Friday, January 21, 2011

The Mother You Choose

written by Stephie Goldfish
“Have you ever heard the saying, ‘You choose your mother’?” she asked, speaking about some of the beliefs in reincarnation. Not fully understanding what she meant, I probed a little more, and she went a little further and then said, “You somehow have to come to terms with your relationship with your mother, or history just keeps repeating itself.”
I’ve been doing some soul searching since that session with my therapist and after my few visits back home recently to visit my mother. I also just finished reading what I think is one of the saddest books I’ve ever read, for one more day, by Mitch Albom, in which the main character has one more day with his mother who has been dead for a while.

And I’ve come to some epiphanies about the mother I chose:
The mother I chose didn’t give me up, or any of my siblings. There were many times when she could have put all of us in foster care and ran off with the latest Tom, Dick or Harry who promised her the moon if she’d do so. But the mother I chose stood up for her children and, instead, those men went running.  And I vividly remember a story that the mother I chose often tells us about when she first learned she was pregnant with twins, after having already three young children, and she went on an interview with such high hopes and expectations, and it ended up being a lost dream. They were even going to put her through college. And the mother I chose knew she was pregnant and she chose to have us.
The mother I chose always put food on the table. We never went hungry. Even if it was a simple meal of macaroni and tomatoes, at least it was served with love.
The mother I chose stands up for God and His Kingdom and has always encouraged us to do the same. The mother I chose has written us hundreds of letters or “books” (we call them), and in each hand written letter, she always encourages us to never give up on God and His son and the promises we have been told in His word. Even when the mother I chose has been shunned for nearly four decades, never once has a bad word come out of her mouth about the ones who’ve “shunned” her, always saying “if you can’t say anything good about someone, then don’t say anything at all.”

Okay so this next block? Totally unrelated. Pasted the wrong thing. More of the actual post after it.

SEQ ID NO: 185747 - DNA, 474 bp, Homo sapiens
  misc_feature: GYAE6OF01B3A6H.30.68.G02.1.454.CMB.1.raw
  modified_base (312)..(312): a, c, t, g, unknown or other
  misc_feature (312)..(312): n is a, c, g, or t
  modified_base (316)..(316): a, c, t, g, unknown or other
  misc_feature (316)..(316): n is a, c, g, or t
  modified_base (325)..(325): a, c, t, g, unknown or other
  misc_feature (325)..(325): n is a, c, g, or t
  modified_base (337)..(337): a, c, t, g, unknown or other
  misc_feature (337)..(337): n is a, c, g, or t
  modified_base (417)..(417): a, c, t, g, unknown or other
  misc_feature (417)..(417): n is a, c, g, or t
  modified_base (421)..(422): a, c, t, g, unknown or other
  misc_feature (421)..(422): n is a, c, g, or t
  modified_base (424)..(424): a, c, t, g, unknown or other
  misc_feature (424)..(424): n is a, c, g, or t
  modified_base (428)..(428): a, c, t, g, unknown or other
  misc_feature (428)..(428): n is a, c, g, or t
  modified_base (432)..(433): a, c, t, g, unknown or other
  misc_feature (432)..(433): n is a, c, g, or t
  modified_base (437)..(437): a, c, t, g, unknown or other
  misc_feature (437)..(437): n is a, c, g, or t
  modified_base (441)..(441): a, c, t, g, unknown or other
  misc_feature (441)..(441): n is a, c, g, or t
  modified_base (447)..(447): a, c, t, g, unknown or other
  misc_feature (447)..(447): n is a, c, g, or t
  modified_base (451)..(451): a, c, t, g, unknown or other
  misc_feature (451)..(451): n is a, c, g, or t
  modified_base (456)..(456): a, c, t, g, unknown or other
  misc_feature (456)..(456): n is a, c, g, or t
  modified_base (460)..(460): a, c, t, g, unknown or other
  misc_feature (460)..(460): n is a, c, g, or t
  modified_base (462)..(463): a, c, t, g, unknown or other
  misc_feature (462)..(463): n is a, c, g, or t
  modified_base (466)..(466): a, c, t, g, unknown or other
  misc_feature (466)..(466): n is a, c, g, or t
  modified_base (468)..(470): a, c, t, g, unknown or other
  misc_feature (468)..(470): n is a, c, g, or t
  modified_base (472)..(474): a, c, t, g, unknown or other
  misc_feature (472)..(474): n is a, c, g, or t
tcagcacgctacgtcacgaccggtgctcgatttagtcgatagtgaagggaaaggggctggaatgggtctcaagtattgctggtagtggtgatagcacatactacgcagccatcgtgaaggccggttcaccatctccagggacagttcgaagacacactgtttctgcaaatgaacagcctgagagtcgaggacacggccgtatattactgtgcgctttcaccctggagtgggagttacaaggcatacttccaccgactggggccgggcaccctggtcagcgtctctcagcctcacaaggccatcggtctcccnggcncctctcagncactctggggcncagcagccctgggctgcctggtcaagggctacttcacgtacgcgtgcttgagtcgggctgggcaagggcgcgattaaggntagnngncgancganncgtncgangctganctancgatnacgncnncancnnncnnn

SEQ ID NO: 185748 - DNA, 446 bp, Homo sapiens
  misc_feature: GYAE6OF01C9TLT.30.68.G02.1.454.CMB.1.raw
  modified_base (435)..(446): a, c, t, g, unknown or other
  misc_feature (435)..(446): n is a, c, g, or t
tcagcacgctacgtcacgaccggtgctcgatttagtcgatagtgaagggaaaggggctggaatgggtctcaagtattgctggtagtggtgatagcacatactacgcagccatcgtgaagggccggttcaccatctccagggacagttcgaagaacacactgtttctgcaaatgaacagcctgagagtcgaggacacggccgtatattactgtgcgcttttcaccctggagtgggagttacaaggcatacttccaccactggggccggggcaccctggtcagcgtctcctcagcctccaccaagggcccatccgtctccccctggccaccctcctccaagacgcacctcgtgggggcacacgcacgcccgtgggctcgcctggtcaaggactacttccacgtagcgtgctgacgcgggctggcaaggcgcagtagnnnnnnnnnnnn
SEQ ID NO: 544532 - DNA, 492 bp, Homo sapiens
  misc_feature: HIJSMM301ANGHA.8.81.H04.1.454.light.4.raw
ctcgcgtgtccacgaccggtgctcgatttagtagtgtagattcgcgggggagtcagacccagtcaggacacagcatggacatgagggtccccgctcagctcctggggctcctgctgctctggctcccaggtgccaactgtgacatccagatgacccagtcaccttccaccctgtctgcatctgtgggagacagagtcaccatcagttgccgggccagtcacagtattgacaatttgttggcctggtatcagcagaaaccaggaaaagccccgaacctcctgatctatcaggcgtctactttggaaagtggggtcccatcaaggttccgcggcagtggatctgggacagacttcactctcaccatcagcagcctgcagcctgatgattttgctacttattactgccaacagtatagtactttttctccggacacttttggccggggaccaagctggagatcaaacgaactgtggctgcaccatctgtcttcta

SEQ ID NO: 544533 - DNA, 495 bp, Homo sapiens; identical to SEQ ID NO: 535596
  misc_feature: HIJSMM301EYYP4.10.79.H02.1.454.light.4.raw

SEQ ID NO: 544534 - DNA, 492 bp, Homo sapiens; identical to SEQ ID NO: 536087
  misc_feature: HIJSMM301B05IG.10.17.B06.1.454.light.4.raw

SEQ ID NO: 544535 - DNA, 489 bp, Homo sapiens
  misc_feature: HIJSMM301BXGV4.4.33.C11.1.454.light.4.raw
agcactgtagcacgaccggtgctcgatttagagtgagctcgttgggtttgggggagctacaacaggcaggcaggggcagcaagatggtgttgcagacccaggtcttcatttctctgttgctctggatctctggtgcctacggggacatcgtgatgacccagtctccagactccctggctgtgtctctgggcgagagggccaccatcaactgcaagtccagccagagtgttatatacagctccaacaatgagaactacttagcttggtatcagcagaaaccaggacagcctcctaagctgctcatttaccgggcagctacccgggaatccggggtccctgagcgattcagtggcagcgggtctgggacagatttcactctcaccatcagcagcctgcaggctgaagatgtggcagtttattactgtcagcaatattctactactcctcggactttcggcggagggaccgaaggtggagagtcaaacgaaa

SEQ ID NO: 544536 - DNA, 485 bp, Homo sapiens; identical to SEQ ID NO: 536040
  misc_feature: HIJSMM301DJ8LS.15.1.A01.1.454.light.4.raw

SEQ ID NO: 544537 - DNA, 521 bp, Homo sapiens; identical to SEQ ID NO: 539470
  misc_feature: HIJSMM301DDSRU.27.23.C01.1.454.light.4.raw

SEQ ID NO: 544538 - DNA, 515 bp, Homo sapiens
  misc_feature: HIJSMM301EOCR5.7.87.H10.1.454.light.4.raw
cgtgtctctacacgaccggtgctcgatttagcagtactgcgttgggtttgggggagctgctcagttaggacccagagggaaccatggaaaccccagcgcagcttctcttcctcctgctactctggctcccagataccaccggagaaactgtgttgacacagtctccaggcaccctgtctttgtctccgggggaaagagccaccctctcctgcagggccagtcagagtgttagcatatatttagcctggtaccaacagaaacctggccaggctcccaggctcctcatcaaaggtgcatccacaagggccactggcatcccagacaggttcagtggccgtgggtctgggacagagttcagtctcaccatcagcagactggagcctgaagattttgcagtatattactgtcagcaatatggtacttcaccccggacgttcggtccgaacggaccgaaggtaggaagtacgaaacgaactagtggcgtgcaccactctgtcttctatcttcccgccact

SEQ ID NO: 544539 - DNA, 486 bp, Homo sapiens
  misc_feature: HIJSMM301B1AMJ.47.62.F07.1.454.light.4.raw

The mother I chose may not have been perfect, in a human and physical sense, for the mother I chose has her imperfections and is allowed to make mistakes, just like I’m imperfect and have made major mistakes in my life. The mother I chose doesn’t deserve to be cast off and thrown away by anyone, especially not by her daughter.
The mother I chose is a friend indeed to her neighbors. The mother I chose is peaceable and loving, and has the qualities of those who will inherit God’s Kingdom.
The mother I chose can pull me up from the depths of sadness and make an insurmountable day seem worth living.
The mother I chose would never turn her back on you. The mother I chose would climb the highest mountain to get to you and help you in some way she could.
That’s the mother I chose.

This story is an amendment to a sad story I wrote about the mother I chose. Have you ever wished you could take back words? Or wished you'd done some things a little differently in life?

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